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I’ve been puzzling just now over FRPA – the Federal Research Public Access Act of 2009, which was the topic of some lively congressional testimony yesterday afternoon.  Most commentary has focused on the immediate, and contentious, issue of whether to mandate open access to articles that are commercially published.  But I think there is another issue here.  FRPA perpetuates the misunderstanding, which seems common to much of the policy debate over open access publishing, that scientific research output is limited to whatever fits in the pages of a journal.

According to the proposed law, all federal agencies in the US with big-ticket extramural research budgets would be obligated to require of their funding recipients to make final peer-reviewed manuscripts available freely online w/in 6 mos.   The act specifically excludes “laboratory notes, preliminary data analyses, notes of the author, phone logs, or other information used to produce final manuscripts”.  So where does that leave the final dataset reported in the publication?  Good question – it doesn’t seem to be on the radar in this debate at all.

And that’s a pity, because the disposition of these data is something that funding agencies and publishers actually do agree on: “The Association of Learned and Professional Society Publishers (ALPSP) and The International Association of Scientific, Technical, & Medical Publishers (STM) issued a joint statement presenting the views of scholarly and scientific publishers concerning access to research data, including that submitted with research papers. The statement recommends that research data should be as widely available as possible…”

Well said ALPSP/STM!  I hope some congressional staffers are reading this.  If you are one of them, then please — don’t forget about the data.

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In a recent published editorial in Biotropica, Emilio Bruna makes the case for data archiving in tropical biology.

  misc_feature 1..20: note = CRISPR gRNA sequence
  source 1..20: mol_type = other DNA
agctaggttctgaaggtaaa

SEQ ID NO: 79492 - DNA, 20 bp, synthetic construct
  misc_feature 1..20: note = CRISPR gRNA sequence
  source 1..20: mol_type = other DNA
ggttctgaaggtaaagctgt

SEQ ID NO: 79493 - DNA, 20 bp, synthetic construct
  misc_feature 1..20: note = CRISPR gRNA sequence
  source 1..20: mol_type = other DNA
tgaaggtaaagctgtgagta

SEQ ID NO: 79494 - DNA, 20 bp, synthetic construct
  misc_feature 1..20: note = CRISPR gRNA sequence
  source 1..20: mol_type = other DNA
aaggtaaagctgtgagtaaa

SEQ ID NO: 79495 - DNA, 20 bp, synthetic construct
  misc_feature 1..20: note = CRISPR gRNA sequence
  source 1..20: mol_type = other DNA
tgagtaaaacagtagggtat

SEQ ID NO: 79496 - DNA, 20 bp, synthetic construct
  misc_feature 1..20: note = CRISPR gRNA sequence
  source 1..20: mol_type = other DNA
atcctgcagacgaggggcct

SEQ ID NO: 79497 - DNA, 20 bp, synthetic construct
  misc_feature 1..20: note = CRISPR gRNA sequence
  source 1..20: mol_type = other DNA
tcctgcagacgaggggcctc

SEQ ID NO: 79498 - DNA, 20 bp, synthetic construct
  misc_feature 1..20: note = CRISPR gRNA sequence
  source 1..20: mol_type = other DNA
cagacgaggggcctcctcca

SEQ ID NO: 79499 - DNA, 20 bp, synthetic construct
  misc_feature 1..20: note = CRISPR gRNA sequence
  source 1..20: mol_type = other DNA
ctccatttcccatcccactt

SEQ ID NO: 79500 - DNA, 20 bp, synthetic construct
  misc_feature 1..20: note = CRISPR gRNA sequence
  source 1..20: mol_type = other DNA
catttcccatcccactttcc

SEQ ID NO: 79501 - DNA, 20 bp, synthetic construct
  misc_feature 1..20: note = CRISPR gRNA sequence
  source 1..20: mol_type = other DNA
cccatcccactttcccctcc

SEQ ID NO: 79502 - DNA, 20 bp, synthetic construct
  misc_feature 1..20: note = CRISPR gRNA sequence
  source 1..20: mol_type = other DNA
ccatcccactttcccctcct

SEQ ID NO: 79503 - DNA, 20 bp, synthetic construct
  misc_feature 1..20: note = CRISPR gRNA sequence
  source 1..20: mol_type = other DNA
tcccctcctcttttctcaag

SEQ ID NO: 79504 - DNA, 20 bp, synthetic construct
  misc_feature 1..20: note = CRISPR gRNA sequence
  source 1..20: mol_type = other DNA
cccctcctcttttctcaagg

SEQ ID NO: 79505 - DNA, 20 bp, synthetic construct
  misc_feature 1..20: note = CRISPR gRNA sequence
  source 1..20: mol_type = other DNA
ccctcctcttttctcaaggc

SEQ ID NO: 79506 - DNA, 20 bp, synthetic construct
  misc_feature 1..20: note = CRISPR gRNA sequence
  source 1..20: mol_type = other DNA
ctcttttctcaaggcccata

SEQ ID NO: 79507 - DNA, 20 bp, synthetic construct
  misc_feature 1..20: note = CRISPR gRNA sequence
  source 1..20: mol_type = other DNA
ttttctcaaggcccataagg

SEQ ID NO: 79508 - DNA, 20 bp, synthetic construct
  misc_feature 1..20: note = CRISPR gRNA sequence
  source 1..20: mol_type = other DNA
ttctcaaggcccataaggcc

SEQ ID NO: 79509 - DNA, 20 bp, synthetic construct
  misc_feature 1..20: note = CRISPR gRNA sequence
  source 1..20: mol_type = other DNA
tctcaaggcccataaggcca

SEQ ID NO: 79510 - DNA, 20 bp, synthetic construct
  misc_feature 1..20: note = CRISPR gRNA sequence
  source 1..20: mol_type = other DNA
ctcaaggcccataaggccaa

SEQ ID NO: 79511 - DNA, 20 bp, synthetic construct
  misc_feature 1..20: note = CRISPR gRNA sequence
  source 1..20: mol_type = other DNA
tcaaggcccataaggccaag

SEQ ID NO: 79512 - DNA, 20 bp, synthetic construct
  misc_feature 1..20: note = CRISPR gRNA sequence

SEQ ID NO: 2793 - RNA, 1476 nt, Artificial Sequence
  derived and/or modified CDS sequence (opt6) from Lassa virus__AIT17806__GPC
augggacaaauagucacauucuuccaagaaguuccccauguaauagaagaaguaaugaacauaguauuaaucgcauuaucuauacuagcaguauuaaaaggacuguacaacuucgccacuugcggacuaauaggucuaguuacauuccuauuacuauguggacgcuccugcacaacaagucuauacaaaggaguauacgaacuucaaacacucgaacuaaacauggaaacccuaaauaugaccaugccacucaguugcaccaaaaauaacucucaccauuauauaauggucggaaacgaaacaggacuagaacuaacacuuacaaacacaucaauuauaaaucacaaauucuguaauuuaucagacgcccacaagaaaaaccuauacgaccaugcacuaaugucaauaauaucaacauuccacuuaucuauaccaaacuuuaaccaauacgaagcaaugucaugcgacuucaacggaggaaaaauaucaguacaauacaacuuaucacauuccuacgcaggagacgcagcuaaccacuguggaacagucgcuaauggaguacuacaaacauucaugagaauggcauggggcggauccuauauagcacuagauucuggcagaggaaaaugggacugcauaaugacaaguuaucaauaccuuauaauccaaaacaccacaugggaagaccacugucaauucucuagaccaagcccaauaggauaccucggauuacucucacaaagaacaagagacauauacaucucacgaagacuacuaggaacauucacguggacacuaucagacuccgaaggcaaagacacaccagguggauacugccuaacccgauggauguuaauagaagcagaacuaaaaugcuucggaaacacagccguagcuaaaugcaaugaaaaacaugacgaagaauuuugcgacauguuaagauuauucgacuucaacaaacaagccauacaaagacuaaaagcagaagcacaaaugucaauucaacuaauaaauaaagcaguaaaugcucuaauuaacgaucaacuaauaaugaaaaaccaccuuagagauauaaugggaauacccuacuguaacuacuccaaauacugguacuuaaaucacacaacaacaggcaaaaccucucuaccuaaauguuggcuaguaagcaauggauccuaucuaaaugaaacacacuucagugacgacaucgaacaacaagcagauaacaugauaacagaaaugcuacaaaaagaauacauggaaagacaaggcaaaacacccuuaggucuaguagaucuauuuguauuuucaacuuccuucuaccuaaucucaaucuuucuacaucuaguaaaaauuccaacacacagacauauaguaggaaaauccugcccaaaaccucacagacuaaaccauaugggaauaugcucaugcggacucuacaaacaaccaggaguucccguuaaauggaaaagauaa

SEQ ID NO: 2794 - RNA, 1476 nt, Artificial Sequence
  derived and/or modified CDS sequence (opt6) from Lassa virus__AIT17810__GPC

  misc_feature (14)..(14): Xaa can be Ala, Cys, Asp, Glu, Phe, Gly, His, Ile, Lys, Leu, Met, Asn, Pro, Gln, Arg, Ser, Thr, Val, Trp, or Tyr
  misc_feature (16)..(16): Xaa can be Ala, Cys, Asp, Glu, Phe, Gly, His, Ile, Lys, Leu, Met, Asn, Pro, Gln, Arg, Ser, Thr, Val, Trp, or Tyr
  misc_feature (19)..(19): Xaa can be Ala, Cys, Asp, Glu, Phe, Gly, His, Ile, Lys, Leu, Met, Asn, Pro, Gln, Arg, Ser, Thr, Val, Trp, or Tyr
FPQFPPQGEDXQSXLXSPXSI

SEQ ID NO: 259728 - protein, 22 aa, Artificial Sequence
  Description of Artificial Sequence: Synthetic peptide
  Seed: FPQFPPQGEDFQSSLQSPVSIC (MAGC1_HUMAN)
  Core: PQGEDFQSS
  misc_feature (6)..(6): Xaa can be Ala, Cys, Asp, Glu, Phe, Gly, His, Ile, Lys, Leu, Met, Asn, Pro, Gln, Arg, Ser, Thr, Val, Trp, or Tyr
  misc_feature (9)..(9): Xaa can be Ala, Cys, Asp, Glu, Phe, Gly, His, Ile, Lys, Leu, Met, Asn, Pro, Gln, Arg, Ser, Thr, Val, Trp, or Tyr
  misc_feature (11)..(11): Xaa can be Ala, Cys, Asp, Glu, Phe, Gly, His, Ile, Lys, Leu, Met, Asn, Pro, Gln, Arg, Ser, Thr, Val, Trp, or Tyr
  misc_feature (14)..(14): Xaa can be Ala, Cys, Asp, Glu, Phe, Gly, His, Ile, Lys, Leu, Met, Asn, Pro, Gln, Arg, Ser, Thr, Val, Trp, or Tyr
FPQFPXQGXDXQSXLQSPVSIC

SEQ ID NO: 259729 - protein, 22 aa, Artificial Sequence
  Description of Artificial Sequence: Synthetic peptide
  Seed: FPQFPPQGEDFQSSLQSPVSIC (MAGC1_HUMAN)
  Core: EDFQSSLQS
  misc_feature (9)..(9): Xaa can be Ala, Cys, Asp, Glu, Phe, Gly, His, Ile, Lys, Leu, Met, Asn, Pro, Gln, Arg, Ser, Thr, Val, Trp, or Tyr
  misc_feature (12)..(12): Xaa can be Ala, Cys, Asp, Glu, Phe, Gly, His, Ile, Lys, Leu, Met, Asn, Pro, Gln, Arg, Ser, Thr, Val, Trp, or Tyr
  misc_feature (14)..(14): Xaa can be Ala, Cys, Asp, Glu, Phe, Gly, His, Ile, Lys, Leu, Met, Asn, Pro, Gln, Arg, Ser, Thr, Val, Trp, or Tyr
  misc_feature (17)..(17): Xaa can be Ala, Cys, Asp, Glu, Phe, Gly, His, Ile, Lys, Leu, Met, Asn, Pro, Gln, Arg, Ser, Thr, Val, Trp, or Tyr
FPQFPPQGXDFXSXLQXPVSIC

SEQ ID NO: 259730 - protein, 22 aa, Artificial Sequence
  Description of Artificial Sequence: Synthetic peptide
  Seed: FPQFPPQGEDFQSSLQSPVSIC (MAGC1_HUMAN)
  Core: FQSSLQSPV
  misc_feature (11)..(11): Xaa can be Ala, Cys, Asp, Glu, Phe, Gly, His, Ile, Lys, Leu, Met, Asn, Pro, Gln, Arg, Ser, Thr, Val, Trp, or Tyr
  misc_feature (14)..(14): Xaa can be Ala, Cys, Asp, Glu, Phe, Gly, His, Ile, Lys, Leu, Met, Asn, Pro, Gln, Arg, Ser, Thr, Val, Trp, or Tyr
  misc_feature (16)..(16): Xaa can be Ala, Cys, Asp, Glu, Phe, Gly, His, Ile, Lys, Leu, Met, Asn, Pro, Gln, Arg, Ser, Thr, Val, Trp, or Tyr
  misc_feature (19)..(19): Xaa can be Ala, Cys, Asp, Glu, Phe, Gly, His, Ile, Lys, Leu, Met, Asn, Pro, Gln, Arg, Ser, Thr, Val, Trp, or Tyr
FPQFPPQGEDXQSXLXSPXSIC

In his words, “… tropical ecosystems are undergoing myriad, rapid, and unprecedented environmental changes. The data collected by Biotropica’s authors could provide an invaluable resource to the scientists and decision-makers studying global change phenomena and designing conservation and management strategies.”

To read more, see: Bruna EM (2010) Scientific Journals can Advance Tropical Biology and Conservation by Requiring Data Archiving Biotropica. 42(4): 399–401. http://dx.doi.org/10.1111/j.1744-7429.2010.00652.x

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Nature journals now list Dryad among their suggested data repositories. Citing “an inherent principle of publication is that others should be able to replicate and build upon the authors’ published claims,” the editorial policies mandate data sharing and archiving.

The policy on data sets reads:

A condition of publication in a Nature journal is that authors are required to make materials, data and associated protocols promptly available to others without preconditions.

Data sets must be made freely available to readers from the date of publication, and must be provided to editors and peer-reviewers at submission, for the purposes of evaluating the manuscript.

For the following types of data set, submission to a community-endorsed, public repository is mandatory. Accession numbers must be provided in the paper. Examples of appropriate public repositories are listed below.